As a best practice, we recommend establishing a clear and well-defined policy of object ownership. This makes it easier to point to the code that is responsible for maintaining (and releasing) the reference to a given object.

JavaScript does not have static types, so variables are allowed to have different types over the life of the program and some automatic conversions will happen if different types are used in the same operation. For example, adding numbers to strings will result in a string concatenation of the number converted to a string. This can result in errors that are very hard to find and can have performance implications.

Another subtle point and possible source of bugs are the JavaScript bitwise operations, which convert parameters to signed 32-bit integers with big-endian order and in two's complement format. For example, the following two statements are true:

(0x80 << 24) !== 0x80000000

(0x80 << 24) === -2147483648

Both would be false if unsigned integers were used. Note the use of the triple-equal operator, because it does not perform type conversion if the operands have different types. In contrast, the double-equal operator does perform type conversion and could hide errors in the code.

Although JavaScript variables can have Boolean values, every other basic type can be used on a conditional expression, with the following values being equivalent to false: null, undefined, the empty string, the number zero, the number NaN.

JavaScript does not have block scope; it has a global scope and function scope. Variables can be created anywhere in a function, and will be accessible everywhere, as if they were declared at the top of the function. This will confuse experienced C++ developers who are new to JavaScript.

Exceptions are supported in JavaScript, but the language does not support an exception hierarchy. The throw operator can be used on anything; an object, a number, a string, and it is caught by the first try / catch surrounding the code. There is no way to catch only objects of a specific type.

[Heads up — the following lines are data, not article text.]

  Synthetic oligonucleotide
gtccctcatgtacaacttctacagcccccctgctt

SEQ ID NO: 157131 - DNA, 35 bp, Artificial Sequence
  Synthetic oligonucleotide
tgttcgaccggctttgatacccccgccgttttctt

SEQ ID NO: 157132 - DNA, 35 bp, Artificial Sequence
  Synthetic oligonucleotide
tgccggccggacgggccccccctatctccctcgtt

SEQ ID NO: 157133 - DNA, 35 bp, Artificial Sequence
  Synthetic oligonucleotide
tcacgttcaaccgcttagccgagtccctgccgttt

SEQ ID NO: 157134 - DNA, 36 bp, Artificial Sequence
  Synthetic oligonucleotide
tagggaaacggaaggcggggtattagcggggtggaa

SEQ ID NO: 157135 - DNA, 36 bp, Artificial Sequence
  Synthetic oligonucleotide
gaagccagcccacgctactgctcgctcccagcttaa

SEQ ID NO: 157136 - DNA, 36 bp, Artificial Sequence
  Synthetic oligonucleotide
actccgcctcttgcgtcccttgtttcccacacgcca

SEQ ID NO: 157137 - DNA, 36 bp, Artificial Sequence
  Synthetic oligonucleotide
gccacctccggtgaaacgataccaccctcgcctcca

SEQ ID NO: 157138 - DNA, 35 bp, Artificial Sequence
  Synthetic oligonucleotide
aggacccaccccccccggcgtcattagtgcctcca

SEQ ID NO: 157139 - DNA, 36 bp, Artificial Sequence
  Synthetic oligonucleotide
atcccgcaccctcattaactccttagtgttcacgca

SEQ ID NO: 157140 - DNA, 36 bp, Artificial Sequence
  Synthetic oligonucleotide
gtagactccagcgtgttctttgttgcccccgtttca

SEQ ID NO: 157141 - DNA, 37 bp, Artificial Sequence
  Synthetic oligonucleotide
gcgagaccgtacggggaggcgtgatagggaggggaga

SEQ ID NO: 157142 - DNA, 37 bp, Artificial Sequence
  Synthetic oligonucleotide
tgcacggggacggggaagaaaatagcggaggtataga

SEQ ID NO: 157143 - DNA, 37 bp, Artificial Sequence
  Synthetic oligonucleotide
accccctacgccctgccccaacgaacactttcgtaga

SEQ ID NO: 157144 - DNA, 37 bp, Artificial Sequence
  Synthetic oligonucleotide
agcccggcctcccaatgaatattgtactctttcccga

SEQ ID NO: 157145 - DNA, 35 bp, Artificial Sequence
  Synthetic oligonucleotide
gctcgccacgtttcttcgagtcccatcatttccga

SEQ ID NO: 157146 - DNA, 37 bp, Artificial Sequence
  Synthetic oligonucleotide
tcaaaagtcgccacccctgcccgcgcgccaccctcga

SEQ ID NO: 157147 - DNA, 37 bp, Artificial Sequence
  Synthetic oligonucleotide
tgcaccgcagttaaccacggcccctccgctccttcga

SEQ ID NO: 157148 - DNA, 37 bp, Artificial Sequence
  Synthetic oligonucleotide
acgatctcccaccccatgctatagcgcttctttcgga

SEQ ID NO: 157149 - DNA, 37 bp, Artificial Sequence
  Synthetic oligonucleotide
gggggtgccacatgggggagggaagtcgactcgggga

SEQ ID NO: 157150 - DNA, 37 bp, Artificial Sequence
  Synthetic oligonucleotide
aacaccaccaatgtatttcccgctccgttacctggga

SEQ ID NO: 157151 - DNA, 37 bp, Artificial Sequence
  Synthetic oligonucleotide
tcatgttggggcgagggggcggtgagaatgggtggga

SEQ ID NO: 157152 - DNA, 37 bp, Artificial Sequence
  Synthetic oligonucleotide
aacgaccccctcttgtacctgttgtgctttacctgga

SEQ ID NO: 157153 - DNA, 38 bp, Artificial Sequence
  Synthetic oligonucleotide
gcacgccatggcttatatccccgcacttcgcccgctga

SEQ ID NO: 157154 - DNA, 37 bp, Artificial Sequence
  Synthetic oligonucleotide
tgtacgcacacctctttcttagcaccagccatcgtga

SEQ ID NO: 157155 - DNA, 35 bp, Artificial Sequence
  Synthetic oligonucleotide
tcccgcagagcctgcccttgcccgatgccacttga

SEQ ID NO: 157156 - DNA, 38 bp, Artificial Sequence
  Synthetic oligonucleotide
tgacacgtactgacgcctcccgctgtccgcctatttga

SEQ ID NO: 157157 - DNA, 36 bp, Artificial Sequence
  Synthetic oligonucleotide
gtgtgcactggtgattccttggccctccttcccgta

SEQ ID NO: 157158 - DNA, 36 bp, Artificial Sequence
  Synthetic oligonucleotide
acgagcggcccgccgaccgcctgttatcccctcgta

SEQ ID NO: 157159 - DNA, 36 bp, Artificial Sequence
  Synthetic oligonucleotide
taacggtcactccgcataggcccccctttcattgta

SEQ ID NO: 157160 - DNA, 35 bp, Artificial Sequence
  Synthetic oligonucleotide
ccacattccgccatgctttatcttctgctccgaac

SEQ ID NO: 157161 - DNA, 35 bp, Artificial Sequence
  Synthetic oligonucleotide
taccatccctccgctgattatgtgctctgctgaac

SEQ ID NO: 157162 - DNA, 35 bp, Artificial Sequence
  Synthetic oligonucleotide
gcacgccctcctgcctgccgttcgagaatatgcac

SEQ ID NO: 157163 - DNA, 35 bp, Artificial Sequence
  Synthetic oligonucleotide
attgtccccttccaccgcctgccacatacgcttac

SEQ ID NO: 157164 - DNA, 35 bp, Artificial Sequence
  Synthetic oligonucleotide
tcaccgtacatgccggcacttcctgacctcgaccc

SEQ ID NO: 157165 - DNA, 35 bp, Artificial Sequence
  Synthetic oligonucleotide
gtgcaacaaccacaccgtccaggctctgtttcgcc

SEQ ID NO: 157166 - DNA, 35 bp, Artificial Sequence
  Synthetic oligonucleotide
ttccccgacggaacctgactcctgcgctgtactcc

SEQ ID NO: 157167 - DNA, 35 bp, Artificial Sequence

The language has evolved considerably from its origin and some features are not entirely standardized across browsers. Any recently added feature should be checked for before use. For example, the ability to define getters and setters for object properties with Object.defineProperty has, for us, become one of the most useful features added recently, however we need to provide extra code paths for when support does not exist. In some cases testing for the existence of a function is enough to check for a supported feature, as in the case of Object.defineProperty. In other cases, the code must try to actually use the feature inside a try / catch block and check whether an exception was raised.

We found JavaScript to be a powerful language because of its dynamic nature and functional features, but also a complicated language for big projects. With multiple developers working in parallel on a code base of hundreds of thousands of lines of code, mistakes will happen infuriatingly often without discipline and the right development tools.